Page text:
An oil painting requires a different style of brush than a fresco in order to create the best possible results. A flat wall in your home can be painted with a hand brush, a roller and even a spray device. Painting outside your house requires combining several different brush and spray options as well.
True artists and painters research which type of brush will give them the best results. Most painters have had a mentor, or a teacher, who handed down their own expertise and experience in “choosing the proper brush”. Even those of us who paint in our own homes ask the advise of the trained paint experts at Home Depot or Sherman Williams.
There are many, many options for oral home care brushes. Dental toothbrush manufacturers offer many choices and different devices all claiming to do the best job for you. They all claim that they are the best for keeping your gums and teeth healthy.
And, just like Michelangelo had to choose the correct and most effective paintbrush for his famous artwork, you have to choose the best toothbrush for your individualized dental home care needs. And, you may need a mentor, or teacher, to help you make the proper choice. Your kind dentist and your caring hygienist are the people who can help you pick the right brush and home care device for your unique oral health care needs.
In this first of two blogs on “selecting the best tooth brush”, I’d like to discuss “What is the Best Toothbrush for the Healthy Mouth?”. If you are in the minority of dental patients and you do not suffer from any type of gum disease, then you can use just about any toothbrush that you choose.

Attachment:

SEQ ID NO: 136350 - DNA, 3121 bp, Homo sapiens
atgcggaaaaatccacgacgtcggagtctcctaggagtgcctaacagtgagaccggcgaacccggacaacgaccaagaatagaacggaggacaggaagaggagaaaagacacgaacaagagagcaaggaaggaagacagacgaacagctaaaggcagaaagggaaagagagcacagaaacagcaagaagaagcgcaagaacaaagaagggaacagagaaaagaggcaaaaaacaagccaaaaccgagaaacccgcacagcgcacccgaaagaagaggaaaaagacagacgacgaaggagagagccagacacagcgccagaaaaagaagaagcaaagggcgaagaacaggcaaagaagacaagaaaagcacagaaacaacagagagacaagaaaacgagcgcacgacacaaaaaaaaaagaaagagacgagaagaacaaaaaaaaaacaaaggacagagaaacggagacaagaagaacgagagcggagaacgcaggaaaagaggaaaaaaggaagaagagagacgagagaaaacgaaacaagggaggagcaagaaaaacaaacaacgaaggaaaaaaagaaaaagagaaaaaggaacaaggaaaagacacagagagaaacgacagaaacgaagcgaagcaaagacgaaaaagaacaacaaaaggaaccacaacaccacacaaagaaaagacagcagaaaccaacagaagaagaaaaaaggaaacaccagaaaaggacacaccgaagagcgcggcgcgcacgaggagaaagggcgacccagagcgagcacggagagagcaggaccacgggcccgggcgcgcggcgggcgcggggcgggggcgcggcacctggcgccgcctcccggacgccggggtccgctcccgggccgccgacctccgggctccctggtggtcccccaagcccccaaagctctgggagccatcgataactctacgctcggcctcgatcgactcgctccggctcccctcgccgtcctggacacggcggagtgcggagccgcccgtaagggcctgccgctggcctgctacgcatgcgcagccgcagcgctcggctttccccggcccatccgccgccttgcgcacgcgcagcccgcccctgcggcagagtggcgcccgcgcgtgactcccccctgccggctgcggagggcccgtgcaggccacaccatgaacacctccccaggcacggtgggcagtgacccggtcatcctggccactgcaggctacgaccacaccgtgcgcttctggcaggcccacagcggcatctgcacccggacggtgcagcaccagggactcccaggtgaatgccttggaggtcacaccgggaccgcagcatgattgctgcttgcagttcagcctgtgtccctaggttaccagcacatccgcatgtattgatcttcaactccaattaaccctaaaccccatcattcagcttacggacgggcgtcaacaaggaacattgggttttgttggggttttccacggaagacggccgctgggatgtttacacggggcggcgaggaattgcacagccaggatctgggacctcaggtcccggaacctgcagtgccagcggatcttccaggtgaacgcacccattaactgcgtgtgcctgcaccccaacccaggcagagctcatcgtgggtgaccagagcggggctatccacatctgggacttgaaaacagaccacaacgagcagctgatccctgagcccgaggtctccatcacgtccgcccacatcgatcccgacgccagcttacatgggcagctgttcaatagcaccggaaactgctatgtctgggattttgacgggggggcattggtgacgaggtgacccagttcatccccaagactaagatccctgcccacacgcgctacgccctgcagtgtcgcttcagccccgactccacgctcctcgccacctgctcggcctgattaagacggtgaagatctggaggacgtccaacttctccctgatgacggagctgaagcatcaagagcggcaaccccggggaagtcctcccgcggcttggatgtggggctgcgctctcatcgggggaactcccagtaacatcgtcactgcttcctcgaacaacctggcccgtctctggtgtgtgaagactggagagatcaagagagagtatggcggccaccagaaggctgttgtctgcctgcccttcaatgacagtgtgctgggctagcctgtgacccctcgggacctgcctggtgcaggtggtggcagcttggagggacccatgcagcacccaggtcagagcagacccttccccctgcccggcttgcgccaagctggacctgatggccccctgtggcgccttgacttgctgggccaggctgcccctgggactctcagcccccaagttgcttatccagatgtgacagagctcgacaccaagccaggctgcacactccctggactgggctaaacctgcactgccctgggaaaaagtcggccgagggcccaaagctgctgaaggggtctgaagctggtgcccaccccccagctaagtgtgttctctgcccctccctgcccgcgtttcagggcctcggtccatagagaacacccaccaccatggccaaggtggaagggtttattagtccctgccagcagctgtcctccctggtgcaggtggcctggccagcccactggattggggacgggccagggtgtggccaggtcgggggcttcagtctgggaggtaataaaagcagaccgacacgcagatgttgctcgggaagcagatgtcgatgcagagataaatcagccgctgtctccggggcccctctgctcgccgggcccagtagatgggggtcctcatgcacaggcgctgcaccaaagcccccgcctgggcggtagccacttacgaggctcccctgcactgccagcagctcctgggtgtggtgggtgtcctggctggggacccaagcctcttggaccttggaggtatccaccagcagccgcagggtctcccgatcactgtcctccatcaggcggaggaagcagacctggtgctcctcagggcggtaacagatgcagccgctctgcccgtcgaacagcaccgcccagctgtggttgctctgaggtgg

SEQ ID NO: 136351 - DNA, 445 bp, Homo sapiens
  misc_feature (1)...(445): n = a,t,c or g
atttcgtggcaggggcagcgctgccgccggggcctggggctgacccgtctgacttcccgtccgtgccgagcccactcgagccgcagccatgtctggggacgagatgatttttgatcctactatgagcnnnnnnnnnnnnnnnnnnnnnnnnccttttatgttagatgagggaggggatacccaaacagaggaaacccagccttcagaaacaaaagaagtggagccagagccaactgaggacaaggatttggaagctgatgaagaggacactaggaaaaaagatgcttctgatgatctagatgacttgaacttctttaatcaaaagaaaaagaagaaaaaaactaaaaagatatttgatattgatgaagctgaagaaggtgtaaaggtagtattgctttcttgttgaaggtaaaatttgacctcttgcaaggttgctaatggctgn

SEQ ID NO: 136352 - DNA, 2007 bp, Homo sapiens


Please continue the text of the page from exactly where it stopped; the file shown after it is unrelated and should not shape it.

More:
You can save money and use a simple soft bristled OralB, Crestor Colgate hand held toothbrush. If you have healthy teeth and gums, and you brush properly and floss daily, then you really do not need to spend any money on any special home care tools. Simply ask your dentist or hygienist to review current home care techniques with you at your dental cleaning and dental health check up and follow their directions.
If you find that you are not brushing as long as you should be (two minutes at least once a day) then you might want to invest in an egg timer or set your stop watch on your cellular phone.
Finally, if you want a toothbrush that tells you when you have brushed long enough you can spend your hard earned cash on an electric toothbrush with a timer. Again, if you are healthy you can use any brand of power toothbrushes, just be certain that the brush bristles are soft. Some of the less expensive electric and battery-powered brushes can be a little too hard and abrasive to your gums and teeth.
So, I suggest that if you have no gum problems and are genetically blessed with near perfect healthy teeth and gums, then save some money and use a manual brush and dental floss. Just be sure to keep up your professional care dental visits because even the best home care cannot keep all of the bacteria supporting plaque build up from returning.
Peter Vanstrom, DDS